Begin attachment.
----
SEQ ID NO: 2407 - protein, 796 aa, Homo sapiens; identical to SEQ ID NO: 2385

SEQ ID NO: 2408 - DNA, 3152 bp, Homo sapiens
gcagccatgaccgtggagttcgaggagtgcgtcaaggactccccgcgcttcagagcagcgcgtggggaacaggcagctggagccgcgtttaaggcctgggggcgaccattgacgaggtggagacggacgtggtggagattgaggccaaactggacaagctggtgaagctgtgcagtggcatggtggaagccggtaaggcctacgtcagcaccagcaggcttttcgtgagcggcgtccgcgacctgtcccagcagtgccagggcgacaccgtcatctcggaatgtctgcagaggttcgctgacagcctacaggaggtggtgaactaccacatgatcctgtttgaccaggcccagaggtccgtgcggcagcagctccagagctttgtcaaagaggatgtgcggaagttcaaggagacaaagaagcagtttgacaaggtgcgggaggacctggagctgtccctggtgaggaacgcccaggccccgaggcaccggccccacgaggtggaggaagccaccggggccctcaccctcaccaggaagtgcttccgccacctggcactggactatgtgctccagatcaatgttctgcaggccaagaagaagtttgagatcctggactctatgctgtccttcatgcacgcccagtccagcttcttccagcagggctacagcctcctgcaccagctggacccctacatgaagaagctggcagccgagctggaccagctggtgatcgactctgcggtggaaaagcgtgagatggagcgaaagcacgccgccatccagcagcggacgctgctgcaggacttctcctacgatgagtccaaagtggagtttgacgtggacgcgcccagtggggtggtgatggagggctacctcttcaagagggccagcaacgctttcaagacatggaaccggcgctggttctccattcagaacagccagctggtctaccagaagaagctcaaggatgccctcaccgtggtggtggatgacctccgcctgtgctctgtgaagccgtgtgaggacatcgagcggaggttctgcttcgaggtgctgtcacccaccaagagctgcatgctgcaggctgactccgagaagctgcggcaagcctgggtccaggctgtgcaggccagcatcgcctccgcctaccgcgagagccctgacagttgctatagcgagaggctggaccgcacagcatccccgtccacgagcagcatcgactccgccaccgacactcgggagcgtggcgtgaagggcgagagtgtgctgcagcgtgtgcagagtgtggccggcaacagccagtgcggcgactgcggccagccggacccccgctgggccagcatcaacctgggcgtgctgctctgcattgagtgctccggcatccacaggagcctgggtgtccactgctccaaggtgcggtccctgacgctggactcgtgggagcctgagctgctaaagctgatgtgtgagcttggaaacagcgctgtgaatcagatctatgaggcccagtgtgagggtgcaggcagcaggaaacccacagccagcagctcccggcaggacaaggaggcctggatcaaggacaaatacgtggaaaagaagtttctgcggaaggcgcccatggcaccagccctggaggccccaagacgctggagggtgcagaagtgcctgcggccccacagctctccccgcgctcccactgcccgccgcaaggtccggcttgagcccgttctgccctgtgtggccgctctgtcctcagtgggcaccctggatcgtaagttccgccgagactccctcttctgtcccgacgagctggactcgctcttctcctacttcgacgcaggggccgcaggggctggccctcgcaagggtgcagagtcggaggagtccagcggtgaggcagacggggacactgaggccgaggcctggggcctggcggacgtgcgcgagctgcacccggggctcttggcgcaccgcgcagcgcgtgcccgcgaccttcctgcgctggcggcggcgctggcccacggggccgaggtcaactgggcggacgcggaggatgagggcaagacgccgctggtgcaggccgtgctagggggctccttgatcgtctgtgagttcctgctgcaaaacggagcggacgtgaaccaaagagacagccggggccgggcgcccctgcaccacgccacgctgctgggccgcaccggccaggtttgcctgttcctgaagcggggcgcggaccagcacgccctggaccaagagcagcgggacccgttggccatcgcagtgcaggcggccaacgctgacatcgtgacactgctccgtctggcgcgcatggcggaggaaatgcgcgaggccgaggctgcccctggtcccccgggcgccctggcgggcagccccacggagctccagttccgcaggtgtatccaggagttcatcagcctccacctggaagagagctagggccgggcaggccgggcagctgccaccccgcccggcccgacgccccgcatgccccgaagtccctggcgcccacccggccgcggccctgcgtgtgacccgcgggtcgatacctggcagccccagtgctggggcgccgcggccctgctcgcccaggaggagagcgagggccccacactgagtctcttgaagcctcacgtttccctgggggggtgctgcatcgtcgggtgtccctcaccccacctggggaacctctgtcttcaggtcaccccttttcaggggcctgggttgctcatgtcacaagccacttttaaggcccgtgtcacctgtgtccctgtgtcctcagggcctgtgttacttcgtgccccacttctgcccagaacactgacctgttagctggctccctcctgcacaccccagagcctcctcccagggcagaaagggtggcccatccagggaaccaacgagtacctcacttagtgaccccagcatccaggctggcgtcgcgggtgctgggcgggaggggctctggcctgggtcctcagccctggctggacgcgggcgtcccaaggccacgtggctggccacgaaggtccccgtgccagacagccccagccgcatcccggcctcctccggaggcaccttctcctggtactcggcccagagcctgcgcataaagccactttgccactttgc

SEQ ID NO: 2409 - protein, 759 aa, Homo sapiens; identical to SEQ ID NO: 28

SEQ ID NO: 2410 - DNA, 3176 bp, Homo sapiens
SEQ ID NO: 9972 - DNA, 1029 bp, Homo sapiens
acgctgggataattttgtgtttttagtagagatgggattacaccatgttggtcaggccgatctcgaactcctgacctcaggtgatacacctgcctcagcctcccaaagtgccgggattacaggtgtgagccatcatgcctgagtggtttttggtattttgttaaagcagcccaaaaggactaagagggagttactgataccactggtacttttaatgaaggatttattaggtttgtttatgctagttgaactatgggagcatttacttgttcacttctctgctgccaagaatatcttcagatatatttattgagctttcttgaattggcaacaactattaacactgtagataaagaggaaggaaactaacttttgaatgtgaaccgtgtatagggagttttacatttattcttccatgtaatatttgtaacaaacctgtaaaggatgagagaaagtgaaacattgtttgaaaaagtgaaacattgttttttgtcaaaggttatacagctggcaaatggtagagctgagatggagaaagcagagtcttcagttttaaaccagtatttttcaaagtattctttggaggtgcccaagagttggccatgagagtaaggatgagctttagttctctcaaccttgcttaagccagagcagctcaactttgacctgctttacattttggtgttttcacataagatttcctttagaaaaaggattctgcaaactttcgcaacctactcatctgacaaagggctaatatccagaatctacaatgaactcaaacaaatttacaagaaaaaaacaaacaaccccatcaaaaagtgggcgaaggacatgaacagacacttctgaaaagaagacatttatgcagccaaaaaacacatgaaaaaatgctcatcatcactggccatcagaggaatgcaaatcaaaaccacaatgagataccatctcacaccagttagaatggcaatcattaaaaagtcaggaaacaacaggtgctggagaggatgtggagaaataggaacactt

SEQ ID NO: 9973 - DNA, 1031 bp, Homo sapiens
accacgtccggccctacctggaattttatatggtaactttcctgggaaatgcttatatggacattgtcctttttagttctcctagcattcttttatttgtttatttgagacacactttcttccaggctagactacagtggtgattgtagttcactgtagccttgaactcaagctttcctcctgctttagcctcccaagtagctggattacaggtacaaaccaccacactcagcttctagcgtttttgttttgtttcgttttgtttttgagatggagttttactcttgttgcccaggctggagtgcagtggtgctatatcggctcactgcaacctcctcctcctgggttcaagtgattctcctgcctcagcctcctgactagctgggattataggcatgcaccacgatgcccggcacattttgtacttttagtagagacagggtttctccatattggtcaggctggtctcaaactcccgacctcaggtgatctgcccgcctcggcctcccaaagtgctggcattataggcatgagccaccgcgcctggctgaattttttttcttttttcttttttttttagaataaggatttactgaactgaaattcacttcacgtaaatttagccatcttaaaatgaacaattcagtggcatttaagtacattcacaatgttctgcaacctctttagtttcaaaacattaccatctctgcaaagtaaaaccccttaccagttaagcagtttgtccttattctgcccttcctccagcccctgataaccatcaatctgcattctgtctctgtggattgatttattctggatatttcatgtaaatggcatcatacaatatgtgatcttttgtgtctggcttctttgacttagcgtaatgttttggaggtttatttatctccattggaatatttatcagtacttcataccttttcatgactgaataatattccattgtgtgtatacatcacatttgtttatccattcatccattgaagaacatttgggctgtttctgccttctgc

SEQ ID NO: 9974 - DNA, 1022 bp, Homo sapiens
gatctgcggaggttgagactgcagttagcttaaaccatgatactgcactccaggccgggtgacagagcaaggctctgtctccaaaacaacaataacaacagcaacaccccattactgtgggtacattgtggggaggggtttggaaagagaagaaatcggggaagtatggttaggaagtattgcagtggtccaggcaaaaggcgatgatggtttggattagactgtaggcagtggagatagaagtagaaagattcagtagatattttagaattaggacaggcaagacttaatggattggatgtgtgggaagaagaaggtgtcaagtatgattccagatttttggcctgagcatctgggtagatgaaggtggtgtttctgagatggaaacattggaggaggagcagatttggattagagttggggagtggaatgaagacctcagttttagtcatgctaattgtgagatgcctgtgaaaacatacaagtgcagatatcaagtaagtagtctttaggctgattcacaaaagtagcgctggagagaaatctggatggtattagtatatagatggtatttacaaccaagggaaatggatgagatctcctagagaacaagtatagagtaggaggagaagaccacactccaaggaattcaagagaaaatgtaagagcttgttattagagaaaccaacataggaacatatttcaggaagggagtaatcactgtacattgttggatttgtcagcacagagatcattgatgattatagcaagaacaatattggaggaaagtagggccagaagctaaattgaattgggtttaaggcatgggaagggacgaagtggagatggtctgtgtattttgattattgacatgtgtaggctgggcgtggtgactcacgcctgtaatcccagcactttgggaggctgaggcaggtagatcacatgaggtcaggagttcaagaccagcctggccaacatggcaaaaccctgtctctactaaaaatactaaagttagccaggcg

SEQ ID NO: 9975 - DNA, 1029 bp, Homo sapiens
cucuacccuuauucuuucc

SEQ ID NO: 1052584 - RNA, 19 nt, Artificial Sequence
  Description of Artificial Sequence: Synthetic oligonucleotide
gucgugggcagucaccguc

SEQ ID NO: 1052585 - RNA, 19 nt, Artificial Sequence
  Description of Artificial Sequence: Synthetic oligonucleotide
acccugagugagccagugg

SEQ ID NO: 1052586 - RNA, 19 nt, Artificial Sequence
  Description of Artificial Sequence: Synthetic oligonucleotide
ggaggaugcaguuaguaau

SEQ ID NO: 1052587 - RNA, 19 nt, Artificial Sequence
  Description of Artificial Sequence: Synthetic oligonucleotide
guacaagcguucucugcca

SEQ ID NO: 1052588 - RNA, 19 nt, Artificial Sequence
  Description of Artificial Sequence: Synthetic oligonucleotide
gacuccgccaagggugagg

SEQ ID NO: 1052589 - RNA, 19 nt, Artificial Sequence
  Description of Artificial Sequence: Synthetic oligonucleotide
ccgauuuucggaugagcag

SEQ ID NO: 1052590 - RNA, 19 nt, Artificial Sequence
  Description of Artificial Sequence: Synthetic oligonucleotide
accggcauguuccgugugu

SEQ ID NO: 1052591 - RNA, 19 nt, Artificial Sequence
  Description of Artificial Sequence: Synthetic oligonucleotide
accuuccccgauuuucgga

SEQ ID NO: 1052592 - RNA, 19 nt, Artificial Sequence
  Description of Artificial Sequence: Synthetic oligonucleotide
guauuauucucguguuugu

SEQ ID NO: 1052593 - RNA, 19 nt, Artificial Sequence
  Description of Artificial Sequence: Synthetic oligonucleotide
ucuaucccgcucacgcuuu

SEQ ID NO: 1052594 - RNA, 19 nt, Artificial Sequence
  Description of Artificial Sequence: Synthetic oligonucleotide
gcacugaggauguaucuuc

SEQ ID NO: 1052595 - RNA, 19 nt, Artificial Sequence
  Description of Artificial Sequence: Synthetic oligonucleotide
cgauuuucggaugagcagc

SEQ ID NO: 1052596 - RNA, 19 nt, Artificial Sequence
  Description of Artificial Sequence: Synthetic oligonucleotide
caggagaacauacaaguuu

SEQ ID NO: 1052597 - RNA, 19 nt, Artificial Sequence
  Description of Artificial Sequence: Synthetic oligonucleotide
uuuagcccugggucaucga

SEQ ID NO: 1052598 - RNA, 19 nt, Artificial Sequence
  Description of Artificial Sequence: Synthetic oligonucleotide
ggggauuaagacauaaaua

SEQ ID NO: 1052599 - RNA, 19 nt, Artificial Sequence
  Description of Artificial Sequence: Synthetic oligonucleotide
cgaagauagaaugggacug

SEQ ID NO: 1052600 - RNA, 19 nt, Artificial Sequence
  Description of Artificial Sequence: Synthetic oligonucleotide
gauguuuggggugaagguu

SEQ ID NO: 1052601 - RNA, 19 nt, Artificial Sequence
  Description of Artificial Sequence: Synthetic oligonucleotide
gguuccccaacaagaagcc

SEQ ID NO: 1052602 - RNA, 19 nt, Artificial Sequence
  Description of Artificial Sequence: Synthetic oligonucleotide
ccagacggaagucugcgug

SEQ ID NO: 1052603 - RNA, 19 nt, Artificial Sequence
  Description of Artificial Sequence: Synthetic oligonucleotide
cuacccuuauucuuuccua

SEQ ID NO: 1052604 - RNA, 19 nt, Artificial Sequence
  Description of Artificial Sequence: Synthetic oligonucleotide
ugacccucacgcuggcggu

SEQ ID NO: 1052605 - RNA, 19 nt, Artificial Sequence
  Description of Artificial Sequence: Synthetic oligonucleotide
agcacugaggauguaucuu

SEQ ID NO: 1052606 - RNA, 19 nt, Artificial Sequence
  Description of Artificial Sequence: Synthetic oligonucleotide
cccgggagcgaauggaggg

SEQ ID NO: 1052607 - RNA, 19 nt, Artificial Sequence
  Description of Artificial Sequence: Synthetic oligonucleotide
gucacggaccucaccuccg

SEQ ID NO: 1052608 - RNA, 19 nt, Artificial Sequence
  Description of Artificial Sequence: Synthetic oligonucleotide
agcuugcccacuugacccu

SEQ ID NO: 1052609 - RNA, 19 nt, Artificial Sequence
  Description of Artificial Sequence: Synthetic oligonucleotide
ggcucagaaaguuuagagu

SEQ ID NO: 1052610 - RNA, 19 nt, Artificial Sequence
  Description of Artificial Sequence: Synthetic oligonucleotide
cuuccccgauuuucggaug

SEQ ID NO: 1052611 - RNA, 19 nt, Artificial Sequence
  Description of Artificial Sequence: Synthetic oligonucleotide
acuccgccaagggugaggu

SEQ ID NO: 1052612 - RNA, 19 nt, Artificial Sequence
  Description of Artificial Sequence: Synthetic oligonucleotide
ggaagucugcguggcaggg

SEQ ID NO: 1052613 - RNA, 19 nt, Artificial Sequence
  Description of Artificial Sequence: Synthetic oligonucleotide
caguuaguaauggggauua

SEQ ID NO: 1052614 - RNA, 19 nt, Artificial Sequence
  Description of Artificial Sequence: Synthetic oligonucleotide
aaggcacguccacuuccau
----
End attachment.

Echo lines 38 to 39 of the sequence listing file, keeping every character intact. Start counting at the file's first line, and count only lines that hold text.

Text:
SEQ ID NO: 1052592 - RNA, 19 nt, Artificial Sequence
  Description of Artificial Sequence: Synthetic oligonucleotide